Questions for a Copywriter/Editor: Non Talbot Wels
How did you get into the writing and editing business, Non?
I think it started with my love of books. I love stories and characters. I’d often sit in public places and create fictional dispositions, intentions and backstories for the people who walked by. I also love the solitary, independent nature of reading, which can also be said of writing. All of this is to say that I love words and I love finding solitary moments. But my first real, professional foray into the writing field came in the form of a ghostwriting gig. She was a local YA author who paid me very little and treated me very poorly. It was awesome.
What do you find satisfying about freelancing?
It makes me feel like Indiana Jones. I love that feeling. Perhaps that’s a bit hyperbolic or self-involved, but it’s true. Indiana Jones is resilient, adventurous, and somewhat of an underdog. Freelancers are all of these things. We are resilient in that we face, somewhat regularly, vast oceans of unpredictability in various forms, contexts, and quantities. We are adventurous in that we are always willing to try something new, at least once. We are underdogs in that we are independent, self-motivated, “pick yourself up by your bootstraps” Nazi despisers.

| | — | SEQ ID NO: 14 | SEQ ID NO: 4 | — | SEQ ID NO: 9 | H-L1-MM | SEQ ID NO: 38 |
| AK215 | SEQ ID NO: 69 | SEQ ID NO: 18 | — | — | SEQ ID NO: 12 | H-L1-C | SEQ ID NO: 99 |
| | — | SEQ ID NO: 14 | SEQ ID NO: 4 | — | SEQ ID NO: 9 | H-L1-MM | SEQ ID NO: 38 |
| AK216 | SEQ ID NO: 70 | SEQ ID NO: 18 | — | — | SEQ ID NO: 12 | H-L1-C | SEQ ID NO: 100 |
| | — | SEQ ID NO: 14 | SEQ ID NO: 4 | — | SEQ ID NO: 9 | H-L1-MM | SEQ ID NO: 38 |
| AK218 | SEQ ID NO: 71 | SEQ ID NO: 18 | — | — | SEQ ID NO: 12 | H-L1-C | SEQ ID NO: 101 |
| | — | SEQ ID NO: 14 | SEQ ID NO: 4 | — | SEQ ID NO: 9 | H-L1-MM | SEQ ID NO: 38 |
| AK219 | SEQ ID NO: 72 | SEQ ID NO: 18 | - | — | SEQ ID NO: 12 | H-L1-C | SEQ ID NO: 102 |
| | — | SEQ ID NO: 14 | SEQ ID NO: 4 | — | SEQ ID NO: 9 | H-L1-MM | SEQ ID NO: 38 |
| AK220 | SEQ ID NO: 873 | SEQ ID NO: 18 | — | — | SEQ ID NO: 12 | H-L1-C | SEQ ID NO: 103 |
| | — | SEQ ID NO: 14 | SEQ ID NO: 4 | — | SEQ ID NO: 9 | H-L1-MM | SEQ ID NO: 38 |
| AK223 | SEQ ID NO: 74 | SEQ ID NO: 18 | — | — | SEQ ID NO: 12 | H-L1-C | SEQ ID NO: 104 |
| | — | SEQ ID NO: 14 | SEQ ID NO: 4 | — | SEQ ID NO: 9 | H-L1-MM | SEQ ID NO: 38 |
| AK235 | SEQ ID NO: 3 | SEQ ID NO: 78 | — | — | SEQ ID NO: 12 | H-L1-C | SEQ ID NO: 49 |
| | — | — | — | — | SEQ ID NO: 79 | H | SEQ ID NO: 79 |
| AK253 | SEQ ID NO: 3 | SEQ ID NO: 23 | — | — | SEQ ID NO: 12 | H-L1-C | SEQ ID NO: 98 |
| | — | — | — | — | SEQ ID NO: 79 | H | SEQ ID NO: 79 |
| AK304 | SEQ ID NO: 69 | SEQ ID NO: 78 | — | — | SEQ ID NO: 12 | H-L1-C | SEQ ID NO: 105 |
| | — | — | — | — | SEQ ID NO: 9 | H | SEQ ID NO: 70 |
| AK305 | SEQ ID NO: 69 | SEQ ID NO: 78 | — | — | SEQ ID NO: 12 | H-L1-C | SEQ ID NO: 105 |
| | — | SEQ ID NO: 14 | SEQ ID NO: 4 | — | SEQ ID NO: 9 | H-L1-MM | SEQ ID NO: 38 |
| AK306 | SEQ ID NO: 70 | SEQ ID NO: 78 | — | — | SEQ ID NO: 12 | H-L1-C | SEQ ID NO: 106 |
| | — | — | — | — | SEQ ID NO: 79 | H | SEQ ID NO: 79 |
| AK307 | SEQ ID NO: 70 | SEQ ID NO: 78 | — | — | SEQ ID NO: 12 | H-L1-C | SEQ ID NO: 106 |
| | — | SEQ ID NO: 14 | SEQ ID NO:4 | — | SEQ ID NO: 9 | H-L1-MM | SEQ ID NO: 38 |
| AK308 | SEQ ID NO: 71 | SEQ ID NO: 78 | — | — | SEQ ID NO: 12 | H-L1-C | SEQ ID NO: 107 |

What advice would you give other editors interested in pursuing their own writing/editing business?
Just breathe. It’s not easy. Nor is it simple. But it can be exceptionally fruitful and joyous. These latter things are what you should shoot for. If you breathe and are patient with the process, it will be wonderfully fruitful and joyous.
What are some non-writing, non-editing activities that you find helpful to your work?
Running. I love running. It’s cathartic and it’s challenging, both mentally and physically. If I don’t run, I’m not right in the brain. When I’m not right in the brain, I can’t write. Also, laughing with my wife.
If you weren't writing and editing, what would you like to try as a career? What's a job that fascinates you?
I once worked a summer as a commercial salmon fisherman. It was exhausting and incredibly challenging, but so wonderful and I wouldn’t ever do it again. I want something like that without the feelings of dread and hopelessness. Perhaps a farmer.
I have to ask... Does your first or last name get misspelled more often? And am I right in thinking they’re pronounced “known” and “wells”?
Yes, my name is pronounced like “known wells.” It’s just spelled oddly. Honestly, they both receive equal amounts of butchering. There’s actually a line (called a macron, which gives it the long o sound) over the o in Non, but I find that word processors screw the letters up too often so I don’t use it. Consequently, I am met with non (as in non-fat milk) or Gnome (yes, Gnome). As for Wels, I always say “Wels with one l.” People still like to spell it Wells. I don’t really mind. It makes for good stories most of the time.
Image courtesy of Subject + Verb.